Echoes of the Past
A captivating performance exploring Jewish World War II history for students at the Caux Palace04/04/2023
More than 120 high-school students and teachers from the Lausanne region were treated to a powerful afternoon of local history at the Caux Palace at the end of March. From the magnificent main hall the audience were given a short introduction to the Palace and the Initiatives of Change movement, before moving into the Caux theatre. There, Geneva lawyer Marc Isserles, in collaboration with the group LEBEDIK, presented the remarkable story of his grandparents’ escape from Budapest during the Shoah in 1944, and their subsequent arrival in Caux, alongside 1,600 other Jewish refugees.
During the performance Marc Isserles showed a photo of his grandparents in Montreux, being re-united with their two daughters, alongside the Hungarian woman who had hidden the children as part of her family in the countryside until the end of the war, at the risk of her own life. At the end of the show, there were gasps from the audience when Isserles presented his mother, one of the two girls in the photo with his grandparents.
Also in the audience were the IofC Switzerland foundation’s staff, along with friends from the village and region, including some of the Ukrainian refugees who found shelter in Caux from a new war – disturbing contemporary echoes of the past. Some of these refugees, as well as some of the Ukrainian students, followed a written translation of the performance in their native language. The audience also included the Archivist of the Commune of Montreux and the head of the Montreux library.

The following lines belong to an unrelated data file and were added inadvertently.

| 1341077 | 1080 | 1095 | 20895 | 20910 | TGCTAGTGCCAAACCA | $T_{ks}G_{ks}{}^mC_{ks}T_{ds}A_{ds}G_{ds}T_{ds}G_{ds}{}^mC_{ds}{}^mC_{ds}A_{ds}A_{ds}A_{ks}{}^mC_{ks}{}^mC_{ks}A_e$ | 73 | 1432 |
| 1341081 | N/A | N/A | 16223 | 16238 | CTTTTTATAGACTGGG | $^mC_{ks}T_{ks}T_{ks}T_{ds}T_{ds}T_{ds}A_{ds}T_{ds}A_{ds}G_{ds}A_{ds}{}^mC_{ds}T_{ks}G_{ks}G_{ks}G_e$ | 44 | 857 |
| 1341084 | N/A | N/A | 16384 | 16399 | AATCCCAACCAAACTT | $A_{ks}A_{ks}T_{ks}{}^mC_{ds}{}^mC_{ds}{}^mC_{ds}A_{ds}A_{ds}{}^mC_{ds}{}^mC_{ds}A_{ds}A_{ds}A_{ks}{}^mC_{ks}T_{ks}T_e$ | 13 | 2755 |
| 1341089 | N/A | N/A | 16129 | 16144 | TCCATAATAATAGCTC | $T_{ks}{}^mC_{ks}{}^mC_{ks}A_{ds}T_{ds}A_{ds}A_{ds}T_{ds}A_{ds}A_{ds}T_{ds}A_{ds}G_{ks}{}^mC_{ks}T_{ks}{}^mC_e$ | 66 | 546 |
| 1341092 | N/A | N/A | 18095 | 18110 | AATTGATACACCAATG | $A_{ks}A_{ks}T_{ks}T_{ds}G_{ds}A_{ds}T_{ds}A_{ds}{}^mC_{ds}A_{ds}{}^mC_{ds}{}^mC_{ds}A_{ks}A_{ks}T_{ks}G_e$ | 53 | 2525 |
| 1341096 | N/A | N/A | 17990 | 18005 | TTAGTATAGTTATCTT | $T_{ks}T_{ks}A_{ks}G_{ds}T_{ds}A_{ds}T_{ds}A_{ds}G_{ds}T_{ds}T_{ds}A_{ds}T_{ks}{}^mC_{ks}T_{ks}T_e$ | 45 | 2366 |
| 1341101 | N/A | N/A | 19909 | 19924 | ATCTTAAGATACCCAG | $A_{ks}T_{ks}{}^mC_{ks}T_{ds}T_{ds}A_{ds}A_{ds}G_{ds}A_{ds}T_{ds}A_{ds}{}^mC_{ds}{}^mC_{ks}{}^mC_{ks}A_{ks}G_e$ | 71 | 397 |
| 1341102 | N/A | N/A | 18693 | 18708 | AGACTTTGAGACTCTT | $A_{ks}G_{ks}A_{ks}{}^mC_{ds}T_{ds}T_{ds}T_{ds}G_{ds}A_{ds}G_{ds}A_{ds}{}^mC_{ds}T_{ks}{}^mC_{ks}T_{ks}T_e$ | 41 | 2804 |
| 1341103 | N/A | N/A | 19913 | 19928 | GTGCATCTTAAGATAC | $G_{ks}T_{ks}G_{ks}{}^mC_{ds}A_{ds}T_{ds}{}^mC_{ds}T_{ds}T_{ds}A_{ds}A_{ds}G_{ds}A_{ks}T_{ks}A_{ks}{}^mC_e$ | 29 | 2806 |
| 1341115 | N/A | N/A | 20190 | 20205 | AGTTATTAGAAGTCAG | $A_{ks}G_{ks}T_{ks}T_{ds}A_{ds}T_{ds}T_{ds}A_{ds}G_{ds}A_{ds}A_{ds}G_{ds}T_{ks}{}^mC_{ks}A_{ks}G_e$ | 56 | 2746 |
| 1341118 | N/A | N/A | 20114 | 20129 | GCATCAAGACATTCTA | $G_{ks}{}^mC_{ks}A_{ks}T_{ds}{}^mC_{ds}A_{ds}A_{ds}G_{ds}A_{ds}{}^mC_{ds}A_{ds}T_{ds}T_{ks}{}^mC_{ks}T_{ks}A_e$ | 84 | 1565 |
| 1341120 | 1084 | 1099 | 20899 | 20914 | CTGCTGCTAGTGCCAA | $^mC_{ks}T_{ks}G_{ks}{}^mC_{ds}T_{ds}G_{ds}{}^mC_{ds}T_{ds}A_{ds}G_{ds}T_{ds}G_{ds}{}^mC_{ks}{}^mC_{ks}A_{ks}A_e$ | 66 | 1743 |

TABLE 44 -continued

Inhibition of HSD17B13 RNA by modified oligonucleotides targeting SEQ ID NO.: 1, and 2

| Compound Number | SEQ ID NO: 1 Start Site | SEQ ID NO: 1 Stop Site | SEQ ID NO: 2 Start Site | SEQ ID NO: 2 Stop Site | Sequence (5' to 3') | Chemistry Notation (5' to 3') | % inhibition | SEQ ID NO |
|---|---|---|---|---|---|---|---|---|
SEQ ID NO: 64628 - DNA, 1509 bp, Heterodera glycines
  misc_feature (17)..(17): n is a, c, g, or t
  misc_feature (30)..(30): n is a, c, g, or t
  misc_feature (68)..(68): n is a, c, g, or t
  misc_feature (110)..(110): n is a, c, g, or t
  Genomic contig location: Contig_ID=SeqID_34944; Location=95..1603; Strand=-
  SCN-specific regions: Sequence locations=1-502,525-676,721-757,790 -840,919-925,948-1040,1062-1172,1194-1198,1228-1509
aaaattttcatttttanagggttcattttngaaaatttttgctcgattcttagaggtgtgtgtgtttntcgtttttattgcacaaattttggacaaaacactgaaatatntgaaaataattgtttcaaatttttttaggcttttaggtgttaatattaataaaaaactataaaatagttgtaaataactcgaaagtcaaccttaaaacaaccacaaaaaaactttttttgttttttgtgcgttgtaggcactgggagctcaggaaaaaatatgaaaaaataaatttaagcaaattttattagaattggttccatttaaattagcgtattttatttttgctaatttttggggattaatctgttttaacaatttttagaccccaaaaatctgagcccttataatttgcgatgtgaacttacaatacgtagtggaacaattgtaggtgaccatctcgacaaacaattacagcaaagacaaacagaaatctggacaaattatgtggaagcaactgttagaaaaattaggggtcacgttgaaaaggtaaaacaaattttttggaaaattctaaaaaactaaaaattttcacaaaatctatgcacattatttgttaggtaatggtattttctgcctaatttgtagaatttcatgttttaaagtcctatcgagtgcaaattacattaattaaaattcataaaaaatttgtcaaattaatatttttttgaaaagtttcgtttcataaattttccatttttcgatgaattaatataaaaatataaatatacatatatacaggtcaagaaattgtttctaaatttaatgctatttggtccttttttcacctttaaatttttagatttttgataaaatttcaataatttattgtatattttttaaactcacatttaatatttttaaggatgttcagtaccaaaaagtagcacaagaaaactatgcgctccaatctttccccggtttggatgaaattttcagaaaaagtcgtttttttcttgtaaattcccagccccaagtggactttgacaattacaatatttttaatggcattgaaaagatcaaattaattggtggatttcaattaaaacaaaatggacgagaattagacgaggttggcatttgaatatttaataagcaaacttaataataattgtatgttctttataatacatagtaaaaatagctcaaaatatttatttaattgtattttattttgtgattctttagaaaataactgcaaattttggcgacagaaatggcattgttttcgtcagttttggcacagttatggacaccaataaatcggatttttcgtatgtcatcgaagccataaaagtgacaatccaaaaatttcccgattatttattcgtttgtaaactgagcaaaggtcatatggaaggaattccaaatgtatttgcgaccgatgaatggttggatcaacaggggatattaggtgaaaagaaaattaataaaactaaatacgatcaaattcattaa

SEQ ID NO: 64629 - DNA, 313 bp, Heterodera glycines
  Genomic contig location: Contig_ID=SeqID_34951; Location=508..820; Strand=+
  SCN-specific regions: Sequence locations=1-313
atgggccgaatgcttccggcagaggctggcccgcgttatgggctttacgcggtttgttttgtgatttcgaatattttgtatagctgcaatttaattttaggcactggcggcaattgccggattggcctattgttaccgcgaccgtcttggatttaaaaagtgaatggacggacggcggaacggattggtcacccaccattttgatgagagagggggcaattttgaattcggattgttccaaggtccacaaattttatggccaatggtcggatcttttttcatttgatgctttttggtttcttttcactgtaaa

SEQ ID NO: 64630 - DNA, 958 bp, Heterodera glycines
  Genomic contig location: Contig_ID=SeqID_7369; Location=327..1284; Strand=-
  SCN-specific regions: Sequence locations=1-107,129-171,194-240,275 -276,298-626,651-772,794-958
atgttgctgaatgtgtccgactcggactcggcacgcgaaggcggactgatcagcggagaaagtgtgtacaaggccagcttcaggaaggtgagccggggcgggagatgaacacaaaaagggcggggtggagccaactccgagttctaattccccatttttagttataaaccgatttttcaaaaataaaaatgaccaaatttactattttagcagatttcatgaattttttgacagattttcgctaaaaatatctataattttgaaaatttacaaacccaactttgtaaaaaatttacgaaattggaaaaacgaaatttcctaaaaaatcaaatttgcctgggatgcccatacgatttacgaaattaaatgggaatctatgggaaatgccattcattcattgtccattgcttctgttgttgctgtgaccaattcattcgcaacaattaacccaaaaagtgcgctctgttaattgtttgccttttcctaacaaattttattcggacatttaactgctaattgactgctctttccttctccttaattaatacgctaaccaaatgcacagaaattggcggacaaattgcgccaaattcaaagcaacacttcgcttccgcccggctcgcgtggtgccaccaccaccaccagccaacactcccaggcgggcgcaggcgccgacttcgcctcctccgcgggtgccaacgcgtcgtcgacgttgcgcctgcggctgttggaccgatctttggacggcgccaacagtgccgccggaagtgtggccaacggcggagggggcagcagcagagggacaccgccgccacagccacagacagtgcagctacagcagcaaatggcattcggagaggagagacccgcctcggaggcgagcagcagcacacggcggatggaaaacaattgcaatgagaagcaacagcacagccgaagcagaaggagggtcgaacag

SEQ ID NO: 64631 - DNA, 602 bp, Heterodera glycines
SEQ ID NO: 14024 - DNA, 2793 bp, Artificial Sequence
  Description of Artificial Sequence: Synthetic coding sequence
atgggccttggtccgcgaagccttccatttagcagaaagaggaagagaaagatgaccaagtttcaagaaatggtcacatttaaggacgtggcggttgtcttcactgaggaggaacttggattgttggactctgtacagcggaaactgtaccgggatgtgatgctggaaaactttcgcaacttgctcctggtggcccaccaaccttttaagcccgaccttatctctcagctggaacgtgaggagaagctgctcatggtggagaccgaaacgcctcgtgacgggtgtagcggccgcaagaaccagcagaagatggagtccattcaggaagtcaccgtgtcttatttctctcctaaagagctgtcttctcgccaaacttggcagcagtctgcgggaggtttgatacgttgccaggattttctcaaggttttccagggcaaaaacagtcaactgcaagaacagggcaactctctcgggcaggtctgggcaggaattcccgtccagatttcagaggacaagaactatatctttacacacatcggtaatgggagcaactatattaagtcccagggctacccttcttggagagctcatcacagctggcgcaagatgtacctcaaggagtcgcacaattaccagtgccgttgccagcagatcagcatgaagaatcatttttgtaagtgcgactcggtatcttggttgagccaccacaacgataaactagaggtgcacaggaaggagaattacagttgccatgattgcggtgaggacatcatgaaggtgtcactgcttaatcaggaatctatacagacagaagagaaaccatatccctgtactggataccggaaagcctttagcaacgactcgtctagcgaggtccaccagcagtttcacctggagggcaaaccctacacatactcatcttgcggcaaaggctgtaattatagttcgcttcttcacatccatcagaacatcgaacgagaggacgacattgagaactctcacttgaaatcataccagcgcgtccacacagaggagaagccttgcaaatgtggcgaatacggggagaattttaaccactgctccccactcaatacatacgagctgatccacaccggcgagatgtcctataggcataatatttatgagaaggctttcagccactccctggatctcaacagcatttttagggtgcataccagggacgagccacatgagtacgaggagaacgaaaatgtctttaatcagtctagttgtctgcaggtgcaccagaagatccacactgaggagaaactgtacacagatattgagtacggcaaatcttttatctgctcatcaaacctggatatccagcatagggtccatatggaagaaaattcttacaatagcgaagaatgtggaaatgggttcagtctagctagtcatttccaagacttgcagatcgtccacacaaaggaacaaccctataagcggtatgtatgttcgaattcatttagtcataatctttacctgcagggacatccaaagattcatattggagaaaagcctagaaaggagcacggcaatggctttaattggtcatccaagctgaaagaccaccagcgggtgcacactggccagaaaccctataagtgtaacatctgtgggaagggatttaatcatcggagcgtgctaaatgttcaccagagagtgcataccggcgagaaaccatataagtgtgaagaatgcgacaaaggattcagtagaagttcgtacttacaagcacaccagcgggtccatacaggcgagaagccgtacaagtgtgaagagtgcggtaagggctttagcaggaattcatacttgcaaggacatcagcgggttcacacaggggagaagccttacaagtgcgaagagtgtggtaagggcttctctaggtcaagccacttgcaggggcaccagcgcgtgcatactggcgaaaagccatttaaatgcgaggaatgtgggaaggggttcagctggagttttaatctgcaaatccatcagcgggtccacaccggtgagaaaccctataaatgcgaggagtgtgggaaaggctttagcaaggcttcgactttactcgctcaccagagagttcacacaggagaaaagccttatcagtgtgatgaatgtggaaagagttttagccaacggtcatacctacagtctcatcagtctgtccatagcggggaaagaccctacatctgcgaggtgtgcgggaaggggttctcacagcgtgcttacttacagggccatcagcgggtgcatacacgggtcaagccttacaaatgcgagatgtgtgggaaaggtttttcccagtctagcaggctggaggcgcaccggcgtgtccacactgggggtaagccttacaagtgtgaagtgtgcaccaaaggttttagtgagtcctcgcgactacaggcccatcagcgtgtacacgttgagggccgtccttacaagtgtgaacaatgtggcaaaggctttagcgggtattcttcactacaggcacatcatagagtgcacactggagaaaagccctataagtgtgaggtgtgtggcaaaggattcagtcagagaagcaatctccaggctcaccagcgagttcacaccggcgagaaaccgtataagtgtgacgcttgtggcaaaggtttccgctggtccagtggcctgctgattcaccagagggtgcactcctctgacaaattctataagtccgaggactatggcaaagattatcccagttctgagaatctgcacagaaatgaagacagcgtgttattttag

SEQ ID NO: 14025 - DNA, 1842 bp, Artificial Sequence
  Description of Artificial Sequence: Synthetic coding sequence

The event grew out of one teacher’s passion for Caux. Nicolas Rutz had brought several classes to Caux for visits, in the framework of studying the development of tourism and tourist infrastructures, including guided tours of the Caux Palace. When the students started studying World War II and the Holocaust, the idea naturally developed to bring them all to Caux to experience Marc Isserles’ story-telling.
In his one-man show, titled We must save the children, Isserles sings, dances and tells stories, accompanied by two Klezmer musicians, Michel Borzykoswki and Sylvie Bossi. This performance was something of a test run, with the team hoping to offer it to other local schools in the future.
When you see this, it’s not just a list. Behind the names, there are faces, families, hopes and despair. Human beings.
- Marc Isserles
By Andrew Stallybrass / Photo top: Nicolas Rutz